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Game Review | Until Dawn


Mike (Brett Dalton) racing through the woods in Until Dawn
 

Game Summary: When eight friends return to the isolated mountain lodge where two of their group disappeared exactly one year ago, things quickly turn sinister.


As a horror game, Until Dawn is pretty damn great, bar a few moments here and there. When it turns from horror into more of an action experience, it’s 'just' pretty good, again bar a few moments. Unfortunately, gameplay is the opposite, being mediocre to poor pretty much the entire time.


The thing is, what Until Dawn does well, it does really, really well. Yeah, there may be a few too many jump scares that you grow to expect them and they cease to be shocking or surprising. It also leans a little too heavily into horror film tropes that mean what appear to be intended as surprises fall flat.


But those are the only real criticisms from a non-technical or gameplay point of view. The characters are a varied bunch, with their own distinct personalities and voices, with some undergoing some pretty fantastic character arcs. Unfortunately, some don’t – looking at you, Emily.


Then again, someone like Emily might have undergone a different arc for you, or been killed off at various points. Until Dawn still has an illusion of choice like the Telltale games, but it’s much better at hiding it and making it feel like the player has had a heavy influence on who survives the story.


Read around and you’ll see that it’s possible for everyone to live (although one of them might wish they didn’t) or for everyone to die. With a cast of eight characters, that will allow for some scenes to play out quite differently.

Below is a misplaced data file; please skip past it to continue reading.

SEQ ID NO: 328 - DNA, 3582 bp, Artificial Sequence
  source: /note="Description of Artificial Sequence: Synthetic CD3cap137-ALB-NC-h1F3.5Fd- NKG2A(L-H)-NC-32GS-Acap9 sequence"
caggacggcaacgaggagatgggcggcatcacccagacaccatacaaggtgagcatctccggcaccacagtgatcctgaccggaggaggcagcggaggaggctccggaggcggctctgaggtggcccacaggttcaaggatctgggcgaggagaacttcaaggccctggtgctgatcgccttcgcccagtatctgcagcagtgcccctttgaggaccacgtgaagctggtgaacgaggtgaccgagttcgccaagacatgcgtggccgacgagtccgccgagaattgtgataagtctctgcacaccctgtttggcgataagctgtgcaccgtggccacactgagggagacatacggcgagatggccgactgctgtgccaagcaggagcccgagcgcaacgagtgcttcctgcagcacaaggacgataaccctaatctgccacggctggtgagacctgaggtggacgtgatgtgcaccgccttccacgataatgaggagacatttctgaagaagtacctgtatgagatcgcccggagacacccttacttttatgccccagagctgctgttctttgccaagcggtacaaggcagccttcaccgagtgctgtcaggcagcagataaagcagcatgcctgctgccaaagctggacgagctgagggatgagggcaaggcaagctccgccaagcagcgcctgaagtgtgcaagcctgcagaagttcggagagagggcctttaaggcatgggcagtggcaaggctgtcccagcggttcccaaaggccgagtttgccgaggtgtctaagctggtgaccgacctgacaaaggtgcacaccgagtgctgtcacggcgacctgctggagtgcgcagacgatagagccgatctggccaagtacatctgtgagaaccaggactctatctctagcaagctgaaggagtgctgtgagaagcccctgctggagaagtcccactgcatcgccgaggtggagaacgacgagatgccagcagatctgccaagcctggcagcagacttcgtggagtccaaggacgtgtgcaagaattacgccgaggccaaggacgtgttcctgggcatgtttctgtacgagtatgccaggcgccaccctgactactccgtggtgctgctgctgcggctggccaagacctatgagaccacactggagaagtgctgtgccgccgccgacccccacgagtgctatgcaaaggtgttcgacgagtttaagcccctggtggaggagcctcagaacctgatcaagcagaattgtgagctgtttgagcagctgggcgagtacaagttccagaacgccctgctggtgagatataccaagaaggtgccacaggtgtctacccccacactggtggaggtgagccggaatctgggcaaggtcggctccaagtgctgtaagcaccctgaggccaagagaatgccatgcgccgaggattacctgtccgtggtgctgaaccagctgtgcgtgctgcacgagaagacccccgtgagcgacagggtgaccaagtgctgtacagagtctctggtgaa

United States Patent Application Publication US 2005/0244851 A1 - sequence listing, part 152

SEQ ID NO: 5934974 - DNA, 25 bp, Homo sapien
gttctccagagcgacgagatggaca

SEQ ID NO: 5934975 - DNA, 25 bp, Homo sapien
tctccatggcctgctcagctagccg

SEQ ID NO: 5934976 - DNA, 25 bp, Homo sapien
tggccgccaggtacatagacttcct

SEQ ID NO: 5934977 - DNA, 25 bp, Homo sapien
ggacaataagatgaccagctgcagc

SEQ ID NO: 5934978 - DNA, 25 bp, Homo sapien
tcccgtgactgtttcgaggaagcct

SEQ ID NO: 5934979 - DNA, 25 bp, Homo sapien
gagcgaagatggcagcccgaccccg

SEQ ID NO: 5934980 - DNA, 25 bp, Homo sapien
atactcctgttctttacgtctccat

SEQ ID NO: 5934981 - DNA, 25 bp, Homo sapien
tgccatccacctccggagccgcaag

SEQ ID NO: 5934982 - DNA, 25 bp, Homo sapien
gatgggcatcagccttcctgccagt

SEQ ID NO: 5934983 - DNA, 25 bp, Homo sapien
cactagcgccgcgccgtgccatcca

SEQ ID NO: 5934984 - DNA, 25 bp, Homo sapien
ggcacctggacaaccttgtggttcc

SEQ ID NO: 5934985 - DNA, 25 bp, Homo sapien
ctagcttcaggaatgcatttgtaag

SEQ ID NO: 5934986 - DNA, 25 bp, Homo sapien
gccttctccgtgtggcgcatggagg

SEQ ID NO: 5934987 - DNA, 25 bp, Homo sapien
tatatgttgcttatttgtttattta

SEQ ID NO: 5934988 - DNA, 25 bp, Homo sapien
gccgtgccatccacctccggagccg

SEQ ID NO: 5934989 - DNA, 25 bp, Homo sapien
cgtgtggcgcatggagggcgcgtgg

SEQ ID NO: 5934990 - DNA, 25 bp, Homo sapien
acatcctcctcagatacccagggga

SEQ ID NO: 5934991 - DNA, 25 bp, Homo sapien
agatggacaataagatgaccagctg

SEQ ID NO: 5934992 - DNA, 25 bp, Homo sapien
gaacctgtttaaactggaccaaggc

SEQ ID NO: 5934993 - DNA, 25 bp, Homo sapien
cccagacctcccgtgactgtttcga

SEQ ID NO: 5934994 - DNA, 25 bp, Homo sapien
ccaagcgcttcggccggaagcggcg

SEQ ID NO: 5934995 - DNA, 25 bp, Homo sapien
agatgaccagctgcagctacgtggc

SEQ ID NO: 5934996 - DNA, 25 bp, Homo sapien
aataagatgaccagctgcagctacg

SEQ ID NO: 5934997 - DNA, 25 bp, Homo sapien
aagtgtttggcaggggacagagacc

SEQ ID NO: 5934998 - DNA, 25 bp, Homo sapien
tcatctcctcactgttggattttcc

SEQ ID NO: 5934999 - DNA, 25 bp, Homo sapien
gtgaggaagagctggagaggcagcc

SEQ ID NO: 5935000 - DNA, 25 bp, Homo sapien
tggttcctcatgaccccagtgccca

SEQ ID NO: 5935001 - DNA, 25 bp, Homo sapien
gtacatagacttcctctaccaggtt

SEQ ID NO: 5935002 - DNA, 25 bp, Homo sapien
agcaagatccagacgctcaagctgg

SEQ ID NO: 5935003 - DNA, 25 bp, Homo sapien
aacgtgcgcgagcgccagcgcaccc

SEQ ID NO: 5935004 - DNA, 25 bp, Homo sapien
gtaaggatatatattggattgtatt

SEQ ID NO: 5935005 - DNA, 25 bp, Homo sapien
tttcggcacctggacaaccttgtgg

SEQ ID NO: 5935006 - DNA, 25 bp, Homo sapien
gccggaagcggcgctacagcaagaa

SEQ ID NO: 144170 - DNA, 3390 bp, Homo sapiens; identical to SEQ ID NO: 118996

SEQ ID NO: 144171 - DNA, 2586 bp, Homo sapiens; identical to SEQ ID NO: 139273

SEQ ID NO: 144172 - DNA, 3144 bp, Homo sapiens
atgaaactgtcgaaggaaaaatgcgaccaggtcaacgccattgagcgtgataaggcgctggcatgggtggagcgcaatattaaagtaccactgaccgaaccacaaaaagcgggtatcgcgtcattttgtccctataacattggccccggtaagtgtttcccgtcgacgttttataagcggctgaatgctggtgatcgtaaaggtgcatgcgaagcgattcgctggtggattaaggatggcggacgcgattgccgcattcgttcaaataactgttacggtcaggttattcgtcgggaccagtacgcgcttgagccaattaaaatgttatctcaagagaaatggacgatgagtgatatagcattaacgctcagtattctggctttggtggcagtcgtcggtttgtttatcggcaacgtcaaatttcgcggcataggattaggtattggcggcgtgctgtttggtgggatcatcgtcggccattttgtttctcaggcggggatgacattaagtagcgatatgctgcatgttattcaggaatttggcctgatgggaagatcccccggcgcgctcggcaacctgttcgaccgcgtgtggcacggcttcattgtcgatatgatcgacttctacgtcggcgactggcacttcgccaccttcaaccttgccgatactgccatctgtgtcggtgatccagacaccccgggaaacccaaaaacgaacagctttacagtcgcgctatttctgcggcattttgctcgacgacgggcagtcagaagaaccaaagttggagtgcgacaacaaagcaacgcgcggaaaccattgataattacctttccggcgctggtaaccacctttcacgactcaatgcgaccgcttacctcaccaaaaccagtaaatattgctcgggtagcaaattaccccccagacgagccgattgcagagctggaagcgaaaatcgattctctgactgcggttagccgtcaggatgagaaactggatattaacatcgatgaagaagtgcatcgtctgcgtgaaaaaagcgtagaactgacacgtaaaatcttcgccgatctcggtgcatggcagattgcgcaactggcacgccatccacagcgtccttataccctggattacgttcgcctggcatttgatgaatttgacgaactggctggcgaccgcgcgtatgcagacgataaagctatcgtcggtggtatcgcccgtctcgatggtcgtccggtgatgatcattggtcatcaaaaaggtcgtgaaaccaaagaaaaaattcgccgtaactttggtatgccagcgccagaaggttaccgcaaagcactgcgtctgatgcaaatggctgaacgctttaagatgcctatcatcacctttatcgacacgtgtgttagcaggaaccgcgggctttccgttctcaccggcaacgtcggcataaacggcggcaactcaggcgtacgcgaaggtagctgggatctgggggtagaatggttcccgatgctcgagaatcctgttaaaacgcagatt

I don’t want to spoil any of the story, but it’s a pretty basic horror movie-style premise, along with all the usual twists you’d expect, including a fairly predictable turn into more action-heavy territory when it’s revealed that what’s going on isn’t everything it appears to be.

Ashley (Galadriel Stineman) in Until Dawn

Until Dawn is a genuinely fun experience, with some amazing atmosphere and characters that I think most people will really enjoy their time with. As noted earlier though, there are some issues that may put some more ‘hardcore’ gamers off.


To start, the controls are pretty limited, with ‘tank-like’ controls for the characters making movement a bit of a chore, and an item-detection system that doesn’t work, requiring a guide to get all the clues in the game’s world unless you’ve got a lot of free time and even more patience.


Also, while the action scenes are entertaining to watch, they are little more than quick-time events and some basic aiming sections. While this may be groan-inducing for some, Until Dawn actually freshens up the formula by making inaction a valid – and often superior – choice to simply doing what it looks like the game is telling you to do.


Also, the sound design is pretty limited with no memorable music at all, instead relying on voice and effects work to generate the atmosphere. It’s not exactly bad, but the right music choices could have really ramped up the tension at certain points.


There are also some frame-rate issues which are annoying, especially for a game that is mainly scripted events. Maybe there wasn’t enough time to optimise every single variation of every scene, but it can be jarring at times. It’s a shame because the character models and their animation in the non-gameplay sections are so good that the deserve better.


Despite these problems, I still enjoyed Until Dawn a lot and look forward to playing through it again at some point. The characters really do grow on you and there is some really nice world-building and myth-making done in a short space of time.


Until Dawn is genuinely scary and unsettling at times, which is what you’d hope for from a horror game. I can’t see how you’d make a sequel – at least, not with the same characters – but Until Dawn was good enough to make me want more, which is the true sign of its underlying quality.

[7/10]

 
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